Do I Need My Address On My Resume


Including your full address on your resume might seem a no-brainer. Yet, including or omitting your street address can influence the hiring process and the outcome of your job application. In this article, we are going to explain when job-seekers should add their full street address on their resume and how to do it right.

Years ago, listing a full address on a resume was essential. Communication took place by phone and physical mail, so, without knowing your address, the employer could not contact you. Now, communication during the job search process happens mostly online, and you can get hired without sharing your complete contact information with the employer. Yet, hiring managers need your physical address not only for communication purposes. So, the answer to the question "Should I include my full address on a resume?" will depend on your specific career situation.

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When should you include your mailing address on your resume?

In many cases, including your address is popular resume advice. Here's why it makes perfect sense:

It is a common standard

Most hiring managers (especially older ones) expect to see the address on your resume header. And if they do not see it in a particular place in a document, this may raise questions. In particular, they might think that you are hiding something.

It shows that you can commute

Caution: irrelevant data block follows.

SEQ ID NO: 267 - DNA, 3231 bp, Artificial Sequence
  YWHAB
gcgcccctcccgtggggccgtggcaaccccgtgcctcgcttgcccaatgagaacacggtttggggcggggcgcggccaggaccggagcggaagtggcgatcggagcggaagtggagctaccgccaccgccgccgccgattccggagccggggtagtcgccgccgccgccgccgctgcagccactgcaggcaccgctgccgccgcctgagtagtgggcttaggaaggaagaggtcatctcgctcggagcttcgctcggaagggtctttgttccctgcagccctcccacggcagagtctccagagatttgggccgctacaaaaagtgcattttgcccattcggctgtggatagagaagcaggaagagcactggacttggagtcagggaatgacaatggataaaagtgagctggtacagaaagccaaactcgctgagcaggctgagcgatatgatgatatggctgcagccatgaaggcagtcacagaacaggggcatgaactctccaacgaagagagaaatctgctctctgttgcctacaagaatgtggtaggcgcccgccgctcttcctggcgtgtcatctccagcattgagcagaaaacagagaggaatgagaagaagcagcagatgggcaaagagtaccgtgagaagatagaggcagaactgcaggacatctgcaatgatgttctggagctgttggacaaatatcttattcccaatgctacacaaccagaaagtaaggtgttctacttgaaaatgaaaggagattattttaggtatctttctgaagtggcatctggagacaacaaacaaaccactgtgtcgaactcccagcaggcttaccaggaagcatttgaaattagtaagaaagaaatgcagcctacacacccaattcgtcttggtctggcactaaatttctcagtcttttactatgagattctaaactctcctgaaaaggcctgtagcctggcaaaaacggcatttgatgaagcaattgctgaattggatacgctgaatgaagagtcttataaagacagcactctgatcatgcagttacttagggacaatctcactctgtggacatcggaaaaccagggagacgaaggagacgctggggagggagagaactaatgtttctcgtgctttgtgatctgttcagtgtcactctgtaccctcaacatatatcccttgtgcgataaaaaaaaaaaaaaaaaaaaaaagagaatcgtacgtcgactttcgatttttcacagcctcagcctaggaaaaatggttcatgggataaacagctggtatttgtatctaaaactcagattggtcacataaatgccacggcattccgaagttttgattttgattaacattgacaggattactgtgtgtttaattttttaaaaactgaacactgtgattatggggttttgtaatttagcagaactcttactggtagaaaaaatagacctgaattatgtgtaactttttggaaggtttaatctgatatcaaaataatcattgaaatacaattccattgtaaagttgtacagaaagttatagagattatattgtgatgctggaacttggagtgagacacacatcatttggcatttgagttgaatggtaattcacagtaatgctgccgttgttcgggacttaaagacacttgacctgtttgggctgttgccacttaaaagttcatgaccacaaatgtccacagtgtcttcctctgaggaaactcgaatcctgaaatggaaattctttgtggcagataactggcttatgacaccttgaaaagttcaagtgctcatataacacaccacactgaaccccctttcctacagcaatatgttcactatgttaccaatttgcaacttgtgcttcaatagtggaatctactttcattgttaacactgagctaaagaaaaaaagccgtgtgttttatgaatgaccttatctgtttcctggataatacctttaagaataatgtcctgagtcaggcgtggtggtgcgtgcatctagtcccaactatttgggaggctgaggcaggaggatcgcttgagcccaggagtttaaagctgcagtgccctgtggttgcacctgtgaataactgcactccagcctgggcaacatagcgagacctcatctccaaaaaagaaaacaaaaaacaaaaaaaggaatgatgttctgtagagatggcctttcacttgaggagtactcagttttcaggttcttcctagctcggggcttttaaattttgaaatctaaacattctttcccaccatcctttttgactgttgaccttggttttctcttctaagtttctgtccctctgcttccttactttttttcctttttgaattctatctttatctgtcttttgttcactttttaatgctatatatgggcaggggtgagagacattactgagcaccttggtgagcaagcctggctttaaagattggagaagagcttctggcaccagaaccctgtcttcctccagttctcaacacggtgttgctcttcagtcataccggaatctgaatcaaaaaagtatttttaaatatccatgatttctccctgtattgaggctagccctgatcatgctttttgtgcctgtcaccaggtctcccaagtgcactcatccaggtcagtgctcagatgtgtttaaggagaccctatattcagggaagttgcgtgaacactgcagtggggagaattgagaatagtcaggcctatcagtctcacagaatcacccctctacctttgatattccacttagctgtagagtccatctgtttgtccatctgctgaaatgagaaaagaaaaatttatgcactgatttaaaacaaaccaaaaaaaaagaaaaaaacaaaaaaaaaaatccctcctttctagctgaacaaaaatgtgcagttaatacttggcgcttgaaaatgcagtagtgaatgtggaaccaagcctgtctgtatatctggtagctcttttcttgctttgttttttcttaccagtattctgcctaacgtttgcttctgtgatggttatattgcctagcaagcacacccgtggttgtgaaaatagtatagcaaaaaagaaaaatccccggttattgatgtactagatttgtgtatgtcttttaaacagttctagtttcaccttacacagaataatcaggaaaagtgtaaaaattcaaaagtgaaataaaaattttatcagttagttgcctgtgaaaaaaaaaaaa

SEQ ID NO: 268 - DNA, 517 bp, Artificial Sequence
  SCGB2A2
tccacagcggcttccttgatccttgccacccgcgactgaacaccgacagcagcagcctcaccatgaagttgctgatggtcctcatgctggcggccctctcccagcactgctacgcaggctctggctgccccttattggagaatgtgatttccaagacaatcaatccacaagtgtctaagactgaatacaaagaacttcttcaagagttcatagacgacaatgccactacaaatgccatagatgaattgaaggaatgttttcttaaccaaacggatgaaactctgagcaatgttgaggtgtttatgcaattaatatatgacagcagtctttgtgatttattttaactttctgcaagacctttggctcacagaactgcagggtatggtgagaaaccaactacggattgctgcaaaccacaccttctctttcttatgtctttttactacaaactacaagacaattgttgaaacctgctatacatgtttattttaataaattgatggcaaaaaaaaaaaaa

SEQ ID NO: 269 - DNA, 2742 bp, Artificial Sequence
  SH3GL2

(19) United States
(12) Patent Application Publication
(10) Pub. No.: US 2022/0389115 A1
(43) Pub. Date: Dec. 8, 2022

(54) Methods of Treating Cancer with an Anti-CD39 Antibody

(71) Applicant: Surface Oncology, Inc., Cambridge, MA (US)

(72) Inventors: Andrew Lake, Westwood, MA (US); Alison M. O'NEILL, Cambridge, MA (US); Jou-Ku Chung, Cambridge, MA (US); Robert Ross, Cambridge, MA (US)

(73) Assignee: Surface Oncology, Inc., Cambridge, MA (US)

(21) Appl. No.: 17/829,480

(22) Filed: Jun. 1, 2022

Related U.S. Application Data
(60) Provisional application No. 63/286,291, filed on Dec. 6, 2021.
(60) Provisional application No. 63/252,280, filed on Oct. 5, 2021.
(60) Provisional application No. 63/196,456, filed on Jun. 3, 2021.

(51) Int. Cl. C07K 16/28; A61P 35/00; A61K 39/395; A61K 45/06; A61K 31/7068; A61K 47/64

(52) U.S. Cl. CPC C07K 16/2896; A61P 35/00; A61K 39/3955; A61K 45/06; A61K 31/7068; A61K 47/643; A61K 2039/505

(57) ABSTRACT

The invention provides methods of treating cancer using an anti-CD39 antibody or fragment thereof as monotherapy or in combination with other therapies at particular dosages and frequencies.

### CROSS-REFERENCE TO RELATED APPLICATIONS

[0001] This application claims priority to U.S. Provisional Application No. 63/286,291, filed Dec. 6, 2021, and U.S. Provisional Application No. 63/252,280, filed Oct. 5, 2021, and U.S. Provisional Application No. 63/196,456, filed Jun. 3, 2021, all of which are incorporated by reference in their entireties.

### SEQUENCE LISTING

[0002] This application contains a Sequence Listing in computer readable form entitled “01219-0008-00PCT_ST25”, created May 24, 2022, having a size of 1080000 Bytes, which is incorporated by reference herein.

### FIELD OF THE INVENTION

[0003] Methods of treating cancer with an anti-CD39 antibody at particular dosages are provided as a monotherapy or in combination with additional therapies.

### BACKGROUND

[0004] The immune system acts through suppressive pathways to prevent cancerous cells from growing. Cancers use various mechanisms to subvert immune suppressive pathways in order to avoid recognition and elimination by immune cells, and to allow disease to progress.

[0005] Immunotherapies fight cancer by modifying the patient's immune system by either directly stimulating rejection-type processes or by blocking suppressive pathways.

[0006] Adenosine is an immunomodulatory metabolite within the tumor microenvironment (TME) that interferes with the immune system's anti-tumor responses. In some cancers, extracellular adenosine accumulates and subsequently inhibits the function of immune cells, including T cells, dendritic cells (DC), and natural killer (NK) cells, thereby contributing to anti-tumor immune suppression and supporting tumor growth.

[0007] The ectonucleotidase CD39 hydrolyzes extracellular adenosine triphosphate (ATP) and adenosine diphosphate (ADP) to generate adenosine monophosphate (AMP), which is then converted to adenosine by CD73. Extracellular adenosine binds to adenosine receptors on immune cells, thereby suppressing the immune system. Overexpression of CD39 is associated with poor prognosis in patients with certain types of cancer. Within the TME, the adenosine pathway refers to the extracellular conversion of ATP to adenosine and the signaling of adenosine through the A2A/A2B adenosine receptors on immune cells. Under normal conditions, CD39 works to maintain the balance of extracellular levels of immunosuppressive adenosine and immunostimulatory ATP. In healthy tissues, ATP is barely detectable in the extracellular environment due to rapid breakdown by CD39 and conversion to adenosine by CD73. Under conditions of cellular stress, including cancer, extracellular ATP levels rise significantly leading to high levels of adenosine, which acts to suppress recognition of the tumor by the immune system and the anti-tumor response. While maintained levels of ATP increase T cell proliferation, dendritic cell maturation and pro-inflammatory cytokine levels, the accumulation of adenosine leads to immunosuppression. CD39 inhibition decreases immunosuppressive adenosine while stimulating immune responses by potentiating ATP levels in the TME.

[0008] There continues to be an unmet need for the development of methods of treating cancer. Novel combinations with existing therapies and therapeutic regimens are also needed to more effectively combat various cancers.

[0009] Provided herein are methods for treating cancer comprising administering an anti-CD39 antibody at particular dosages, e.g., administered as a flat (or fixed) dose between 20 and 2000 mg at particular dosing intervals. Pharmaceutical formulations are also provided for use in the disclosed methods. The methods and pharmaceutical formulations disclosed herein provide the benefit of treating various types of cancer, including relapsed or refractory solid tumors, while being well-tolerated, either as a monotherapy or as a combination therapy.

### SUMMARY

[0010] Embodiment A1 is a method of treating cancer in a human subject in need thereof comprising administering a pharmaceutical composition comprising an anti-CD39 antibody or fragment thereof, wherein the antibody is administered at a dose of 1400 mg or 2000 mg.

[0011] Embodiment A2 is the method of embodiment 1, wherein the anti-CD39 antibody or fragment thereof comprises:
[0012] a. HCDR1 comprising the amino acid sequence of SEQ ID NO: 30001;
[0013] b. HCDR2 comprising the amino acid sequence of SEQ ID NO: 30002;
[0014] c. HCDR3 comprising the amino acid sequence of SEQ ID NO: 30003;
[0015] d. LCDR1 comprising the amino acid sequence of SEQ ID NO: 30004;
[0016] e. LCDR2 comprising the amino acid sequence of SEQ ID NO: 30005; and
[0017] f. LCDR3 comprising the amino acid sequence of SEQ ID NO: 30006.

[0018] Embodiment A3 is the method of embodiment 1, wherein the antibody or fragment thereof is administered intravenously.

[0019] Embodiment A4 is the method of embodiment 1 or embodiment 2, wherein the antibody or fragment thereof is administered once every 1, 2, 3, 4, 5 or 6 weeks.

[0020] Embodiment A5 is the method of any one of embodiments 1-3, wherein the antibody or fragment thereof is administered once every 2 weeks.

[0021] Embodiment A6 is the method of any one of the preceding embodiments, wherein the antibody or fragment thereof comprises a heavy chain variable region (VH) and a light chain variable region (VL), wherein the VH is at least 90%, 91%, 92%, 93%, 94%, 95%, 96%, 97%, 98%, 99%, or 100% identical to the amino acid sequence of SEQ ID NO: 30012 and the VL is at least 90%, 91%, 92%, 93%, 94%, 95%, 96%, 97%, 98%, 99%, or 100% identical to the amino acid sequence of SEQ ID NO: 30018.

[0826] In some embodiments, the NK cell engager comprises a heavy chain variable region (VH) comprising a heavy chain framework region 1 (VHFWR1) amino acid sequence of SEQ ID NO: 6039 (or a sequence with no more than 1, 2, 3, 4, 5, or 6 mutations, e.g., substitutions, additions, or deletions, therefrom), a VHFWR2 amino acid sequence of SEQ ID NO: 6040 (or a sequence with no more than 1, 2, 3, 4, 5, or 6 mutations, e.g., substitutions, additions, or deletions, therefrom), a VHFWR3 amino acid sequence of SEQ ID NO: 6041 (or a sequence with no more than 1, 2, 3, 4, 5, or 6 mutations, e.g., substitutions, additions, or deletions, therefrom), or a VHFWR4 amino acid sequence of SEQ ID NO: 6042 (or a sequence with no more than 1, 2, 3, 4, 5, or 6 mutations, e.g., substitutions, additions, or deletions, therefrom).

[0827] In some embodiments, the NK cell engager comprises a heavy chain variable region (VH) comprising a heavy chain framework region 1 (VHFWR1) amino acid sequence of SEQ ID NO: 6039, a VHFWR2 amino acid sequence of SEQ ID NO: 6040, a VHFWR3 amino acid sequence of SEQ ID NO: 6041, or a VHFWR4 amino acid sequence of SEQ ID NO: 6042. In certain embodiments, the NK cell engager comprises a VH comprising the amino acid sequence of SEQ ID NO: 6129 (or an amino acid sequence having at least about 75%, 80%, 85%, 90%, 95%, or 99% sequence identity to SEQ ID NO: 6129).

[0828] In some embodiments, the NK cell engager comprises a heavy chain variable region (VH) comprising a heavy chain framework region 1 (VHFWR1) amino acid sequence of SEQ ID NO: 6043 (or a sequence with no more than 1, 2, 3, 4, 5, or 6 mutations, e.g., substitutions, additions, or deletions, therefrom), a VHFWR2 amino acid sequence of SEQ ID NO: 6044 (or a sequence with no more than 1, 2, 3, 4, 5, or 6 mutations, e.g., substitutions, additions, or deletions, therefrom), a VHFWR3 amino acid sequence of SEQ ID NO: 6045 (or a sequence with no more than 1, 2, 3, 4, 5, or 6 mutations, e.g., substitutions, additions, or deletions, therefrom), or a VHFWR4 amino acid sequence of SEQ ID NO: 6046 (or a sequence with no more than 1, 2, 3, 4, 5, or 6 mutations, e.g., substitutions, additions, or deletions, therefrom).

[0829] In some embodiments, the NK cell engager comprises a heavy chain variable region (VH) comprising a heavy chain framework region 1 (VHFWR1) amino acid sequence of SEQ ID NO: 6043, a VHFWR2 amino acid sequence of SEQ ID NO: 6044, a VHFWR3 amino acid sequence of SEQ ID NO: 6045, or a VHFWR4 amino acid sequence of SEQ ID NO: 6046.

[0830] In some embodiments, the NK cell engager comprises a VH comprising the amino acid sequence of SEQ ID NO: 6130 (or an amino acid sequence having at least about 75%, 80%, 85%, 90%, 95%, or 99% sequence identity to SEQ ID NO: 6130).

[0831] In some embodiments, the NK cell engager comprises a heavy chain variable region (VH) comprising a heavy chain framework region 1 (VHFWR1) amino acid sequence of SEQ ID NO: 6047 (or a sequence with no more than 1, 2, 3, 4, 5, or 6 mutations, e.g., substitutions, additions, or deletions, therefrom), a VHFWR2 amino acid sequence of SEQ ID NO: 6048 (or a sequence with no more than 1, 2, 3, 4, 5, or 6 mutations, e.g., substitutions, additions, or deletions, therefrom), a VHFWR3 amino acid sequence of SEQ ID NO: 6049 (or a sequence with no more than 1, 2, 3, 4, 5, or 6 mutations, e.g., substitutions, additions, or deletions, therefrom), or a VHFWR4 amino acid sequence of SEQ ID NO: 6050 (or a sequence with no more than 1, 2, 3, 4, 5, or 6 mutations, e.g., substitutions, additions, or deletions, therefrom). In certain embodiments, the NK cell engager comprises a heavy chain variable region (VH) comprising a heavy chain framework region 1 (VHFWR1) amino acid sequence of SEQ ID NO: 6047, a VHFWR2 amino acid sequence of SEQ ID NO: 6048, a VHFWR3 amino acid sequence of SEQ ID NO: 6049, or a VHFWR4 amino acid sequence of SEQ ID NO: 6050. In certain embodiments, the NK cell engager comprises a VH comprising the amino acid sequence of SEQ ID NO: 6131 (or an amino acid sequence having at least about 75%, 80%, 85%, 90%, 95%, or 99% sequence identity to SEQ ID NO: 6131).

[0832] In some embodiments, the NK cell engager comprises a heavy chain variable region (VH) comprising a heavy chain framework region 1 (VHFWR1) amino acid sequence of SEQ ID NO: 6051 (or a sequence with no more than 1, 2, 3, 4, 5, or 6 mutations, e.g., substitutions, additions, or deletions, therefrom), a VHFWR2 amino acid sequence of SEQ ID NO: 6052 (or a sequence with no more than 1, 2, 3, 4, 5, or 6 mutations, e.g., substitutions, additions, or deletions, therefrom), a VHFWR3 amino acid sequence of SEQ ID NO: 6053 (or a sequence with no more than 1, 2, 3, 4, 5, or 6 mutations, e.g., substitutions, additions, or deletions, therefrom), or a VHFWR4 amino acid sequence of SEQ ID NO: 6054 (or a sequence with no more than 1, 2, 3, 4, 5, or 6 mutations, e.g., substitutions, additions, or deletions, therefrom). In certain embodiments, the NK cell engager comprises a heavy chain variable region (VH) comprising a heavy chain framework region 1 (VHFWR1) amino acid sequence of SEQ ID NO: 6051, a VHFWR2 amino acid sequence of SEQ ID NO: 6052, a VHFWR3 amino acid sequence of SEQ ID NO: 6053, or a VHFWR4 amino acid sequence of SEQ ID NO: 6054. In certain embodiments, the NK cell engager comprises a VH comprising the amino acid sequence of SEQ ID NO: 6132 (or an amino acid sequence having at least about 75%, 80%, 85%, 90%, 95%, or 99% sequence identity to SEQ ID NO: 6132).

Many employers want a full street address if they want to hire local talent for a full-time job in the office. In this case, including your exact location is a huge plus as the employer will see that you can easily commute every day.

It is important for ATS

Including at least your city and state is important for applicant tracking systems. Some ATS software is set to filter out non-local candidates. Thus, to avoid location bias and to get your resume seen by a human recruiter, you need to add the address, especially if you are in the same city.

It is essential for government jobs

If you apply for a government job posting, remember that some of them require a full address on your resume. Be sure to list your address completely when it's an employer's requirement.

When to leave your mailing address out?

In 2023, including a full address on a resume is no longer a must. Here are the situations when your address is not necessary:

You apply for remote positions

If you are looking for a fully remote job, your full address is not important to an employer. You might want to add just the city and state, or the time zone (some companies look for remote workers in the same time zone as it's convenient to coordinate the team).

It's not essential for communication

Up until you get a job offer, you are likely to communicate with the potential employer through email, phone, or messengers. Thus, your mailing address simply adds no value to your resume and can be skipped.

There are privacy and safety concerns

After you've sent a resume, you cannot know who sees it and how your personal data is used. If you post your resume online, you don't want everyone to know where you live. Plus, you don't know if companies protect your personal data. Not including a full address relieves you from these privacy concerns.

To top it off, adding a full address on your resume in 2023 is not necessary. Yet, skipping it whatsoever can raise questions with recruiters. The best strategy is to include your city state and zip code. For remote positions, you can include only your city.

When it comes to location, always follow the requirements in the job description. If the employer only looks for candidates from a certain city or area, make sure that your resume includes your location. If you use a different location, your resume is likely to get tossed. And if you only plan to relocate, below you'll find tips on how to explain this.